According to new research by Legal & General just 1 in 10 employees are comfortable talking about mental health to their managers. However 78% of managers believe their staff are comfortable having mental health discussions at work, highlighting a massive lack of awareness for this issue.
4% of the 2,000 employees surveyed had experienced depression, while 5% had anxiety at some point, but felt they could not speak about it to supervisors. Alarmingly 25% felt they were being put under unacceptable pressure at work and 22% had some form of anger issue.
Last November a CIPD and Halogen study found that 47% of staff were uncomfortable discussing mental health issues at work, showing this is a continuing problem that has improved in the last 4 months. Policy advisor for CIPD, Dr Jill Miller, said that: “People need to feel at ease raising issues at work, and trust that they will be supported. Training for line managers needs to cover how to have these kinds of sensitive discussions with members of their team and where to signpost them to help if needed.”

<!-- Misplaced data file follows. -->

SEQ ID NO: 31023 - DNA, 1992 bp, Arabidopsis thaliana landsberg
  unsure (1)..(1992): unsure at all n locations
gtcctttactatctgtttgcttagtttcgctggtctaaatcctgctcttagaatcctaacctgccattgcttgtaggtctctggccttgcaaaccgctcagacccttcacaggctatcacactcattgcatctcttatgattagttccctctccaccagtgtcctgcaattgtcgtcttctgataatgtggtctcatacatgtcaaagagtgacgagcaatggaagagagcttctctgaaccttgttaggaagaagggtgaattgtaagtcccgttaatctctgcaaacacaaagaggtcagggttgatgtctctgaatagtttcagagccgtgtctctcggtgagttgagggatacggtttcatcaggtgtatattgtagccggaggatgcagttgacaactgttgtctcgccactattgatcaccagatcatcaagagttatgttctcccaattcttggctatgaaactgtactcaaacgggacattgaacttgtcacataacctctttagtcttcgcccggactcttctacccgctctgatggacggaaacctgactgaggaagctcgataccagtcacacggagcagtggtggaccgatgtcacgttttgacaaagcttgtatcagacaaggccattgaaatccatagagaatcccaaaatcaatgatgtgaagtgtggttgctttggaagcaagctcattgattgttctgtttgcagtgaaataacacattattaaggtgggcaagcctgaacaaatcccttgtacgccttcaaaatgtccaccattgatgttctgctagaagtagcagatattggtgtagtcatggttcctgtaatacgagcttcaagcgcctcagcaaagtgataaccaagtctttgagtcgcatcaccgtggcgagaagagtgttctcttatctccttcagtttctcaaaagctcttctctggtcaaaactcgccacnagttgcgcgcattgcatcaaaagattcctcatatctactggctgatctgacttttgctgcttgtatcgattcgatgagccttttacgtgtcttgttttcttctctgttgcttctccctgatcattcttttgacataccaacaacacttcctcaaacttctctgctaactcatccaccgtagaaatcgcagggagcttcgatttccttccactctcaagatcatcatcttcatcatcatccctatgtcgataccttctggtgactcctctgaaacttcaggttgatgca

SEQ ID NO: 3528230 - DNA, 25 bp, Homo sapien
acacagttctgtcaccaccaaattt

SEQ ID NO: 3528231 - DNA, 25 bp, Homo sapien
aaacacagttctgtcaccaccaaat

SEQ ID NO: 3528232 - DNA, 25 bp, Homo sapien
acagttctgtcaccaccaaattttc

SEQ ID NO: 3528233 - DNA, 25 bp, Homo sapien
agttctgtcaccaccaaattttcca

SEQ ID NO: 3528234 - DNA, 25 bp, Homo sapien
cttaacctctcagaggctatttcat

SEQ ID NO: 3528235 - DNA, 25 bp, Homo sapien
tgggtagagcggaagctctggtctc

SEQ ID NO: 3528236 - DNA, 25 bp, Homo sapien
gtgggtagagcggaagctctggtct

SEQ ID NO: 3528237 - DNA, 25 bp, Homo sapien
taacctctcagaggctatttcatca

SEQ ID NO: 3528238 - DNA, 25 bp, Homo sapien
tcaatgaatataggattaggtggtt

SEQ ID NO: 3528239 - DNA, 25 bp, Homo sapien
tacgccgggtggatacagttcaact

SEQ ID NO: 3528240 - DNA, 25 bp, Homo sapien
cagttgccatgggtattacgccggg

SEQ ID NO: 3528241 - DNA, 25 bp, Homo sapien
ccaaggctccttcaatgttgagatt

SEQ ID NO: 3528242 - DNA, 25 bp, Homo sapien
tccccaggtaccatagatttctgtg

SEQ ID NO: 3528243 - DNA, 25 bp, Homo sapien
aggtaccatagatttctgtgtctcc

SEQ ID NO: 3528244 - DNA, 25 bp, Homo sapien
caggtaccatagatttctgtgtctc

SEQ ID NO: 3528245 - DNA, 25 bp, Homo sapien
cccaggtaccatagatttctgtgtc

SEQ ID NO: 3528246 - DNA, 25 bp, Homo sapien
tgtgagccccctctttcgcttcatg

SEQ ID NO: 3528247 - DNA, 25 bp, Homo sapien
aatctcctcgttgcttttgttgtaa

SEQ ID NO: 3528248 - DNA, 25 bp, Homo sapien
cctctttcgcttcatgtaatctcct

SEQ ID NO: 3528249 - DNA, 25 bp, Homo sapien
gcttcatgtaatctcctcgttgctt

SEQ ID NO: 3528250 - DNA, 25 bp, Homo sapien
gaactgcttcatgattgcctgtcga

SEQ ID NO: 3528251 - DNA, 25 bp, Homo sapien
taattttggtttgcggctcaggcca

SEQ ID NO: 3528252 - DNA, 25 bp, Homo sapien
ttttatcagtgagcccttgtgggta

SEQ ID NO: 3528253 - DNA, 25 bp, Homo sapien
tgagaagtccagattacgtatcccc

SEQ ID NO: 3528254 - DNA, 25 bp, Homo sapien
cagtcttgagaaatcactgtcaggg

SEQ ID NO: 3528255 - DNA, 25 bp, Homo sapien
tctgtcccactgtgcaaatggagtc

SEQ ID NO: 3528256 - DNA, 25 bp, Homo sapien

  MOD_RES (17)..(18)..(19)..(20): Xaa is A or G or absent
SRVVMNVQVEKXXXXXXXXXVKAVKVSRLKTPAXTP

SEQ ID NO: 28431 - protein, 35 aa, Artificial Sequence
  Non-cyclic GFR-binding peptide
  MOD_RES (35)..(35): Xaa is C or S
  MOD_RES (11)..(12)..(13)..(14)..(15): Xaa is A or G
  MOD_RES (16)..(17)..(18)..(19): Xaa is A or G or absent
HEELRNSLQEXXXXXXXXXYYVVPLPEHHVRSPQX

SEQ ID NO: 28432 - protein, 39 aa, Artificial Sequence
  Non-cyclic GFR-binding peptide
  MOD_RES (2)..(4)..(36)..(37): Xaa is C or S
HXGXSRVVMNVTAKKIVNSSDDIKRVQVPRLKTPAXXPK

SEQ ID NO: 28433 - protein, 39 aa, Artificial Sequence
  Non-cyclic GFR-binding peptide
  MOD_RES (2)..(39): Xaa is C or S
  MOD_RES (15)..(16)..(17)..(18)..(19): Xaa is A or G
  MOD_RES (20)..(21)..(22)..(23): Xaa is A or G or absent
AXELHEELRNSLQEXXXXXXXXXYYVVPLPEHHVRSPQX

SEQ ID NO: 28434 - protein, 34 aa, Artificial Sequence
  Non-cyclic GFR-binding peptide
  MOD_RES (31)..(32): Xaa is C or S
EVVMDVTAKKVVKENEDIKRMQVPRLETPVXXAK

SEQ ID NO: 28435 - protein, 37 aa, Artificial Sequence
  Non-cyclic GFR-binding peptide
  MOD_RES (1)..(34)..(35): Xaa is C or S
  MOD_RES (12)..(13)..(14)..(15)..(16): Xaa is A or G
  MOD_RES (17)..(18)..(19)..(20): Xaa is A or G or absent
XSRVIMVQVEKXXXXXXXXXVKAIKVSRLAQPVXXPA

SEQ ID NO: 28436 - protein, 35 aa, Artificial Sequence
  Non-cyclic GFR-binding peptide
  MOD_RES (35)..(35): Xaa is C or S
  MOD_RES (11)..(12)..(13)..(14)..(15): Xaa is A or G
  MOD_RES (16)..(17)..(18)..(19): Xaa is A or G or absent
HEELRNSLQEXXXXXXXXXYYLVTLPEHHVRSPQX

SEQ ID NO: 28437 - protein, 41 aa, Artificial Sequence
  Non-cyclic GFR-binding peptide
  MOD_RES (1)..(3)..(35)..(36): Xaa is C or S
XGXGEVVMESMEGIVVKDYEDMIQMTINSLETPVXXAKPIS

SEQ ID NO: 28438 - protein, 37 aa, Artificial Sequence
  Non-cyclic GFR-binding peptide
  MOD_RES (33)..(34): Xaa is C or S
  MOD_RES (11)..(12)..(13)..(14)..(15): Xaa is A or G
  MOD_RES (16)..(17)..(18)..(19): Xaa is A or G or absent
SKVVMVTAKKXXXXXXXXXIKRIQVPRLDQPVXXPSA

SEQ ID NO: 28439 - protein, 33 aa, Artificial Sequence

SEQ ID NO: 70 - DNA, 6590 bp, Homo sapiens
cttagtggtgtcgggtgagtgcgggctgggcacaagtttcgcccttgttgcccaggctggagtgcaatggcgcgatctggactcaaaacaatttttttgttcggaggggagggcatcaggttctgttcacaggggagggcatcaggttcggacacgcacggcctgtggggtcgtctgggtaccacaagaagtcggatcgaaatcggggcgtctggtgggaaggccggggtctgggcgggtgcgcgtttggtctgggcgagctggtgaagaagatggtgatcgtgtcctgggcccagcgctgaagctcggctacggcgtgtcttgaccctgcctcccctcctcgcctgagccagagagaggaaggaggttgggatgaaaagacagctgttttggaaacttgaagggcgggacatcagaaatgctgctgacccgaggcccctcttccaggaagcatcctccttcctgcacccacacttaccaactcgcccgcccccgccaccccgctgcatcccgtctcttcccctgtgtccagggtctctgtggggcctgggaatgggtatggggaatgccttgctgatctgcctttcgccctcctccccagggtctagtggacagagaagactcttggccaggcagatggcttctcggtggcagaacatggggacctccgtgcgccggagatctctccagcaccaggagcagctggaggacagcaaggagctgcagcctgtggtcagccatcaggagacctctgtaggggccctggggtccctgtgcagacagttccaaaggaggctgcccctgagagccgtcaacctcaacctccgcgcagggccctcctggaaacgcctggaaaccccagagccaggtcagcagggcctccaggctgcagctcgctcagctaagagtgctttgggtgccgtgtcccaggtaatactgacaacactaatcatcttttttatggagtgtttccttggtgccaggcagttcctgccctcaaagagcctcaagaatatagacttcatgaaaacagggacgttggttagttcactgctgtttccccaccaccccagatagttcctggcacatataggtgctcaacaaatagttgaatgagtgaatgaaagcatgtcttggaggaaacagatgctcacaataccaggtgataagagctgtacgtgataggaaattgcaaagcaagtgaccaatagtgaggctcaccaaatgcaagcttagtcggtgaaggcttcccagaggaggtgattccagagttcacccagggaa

Emma Mamo, head of workplace Wellbeing at Mind, also said: “Too often, we still hear from people being treated differently or even pushed out of their jobs once they’ve disclosed to their boss that they have a mental health problem,” she said. “But people with mental health problems can and do make a valuable contribution to the workplace.”
Last month Prime Minister Theresa May announced plans to combat the “hidden injustice” that mental health problems cause us in the UK. Mental health issues cost employers around £30 billion a year, whether it be depression, anxiety or loneliness, it comes in a number of forms and is the number one contributor to resignations.
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Link to full quotations and article by CIPD People Management: http://www2.cipd.co.uk/pm/peoplemanagement/b/weblog/archive/2017/02/20/less-than-10-per-cent-of-employees-feel-comfortable-disclosing-mental-health-problems.aspx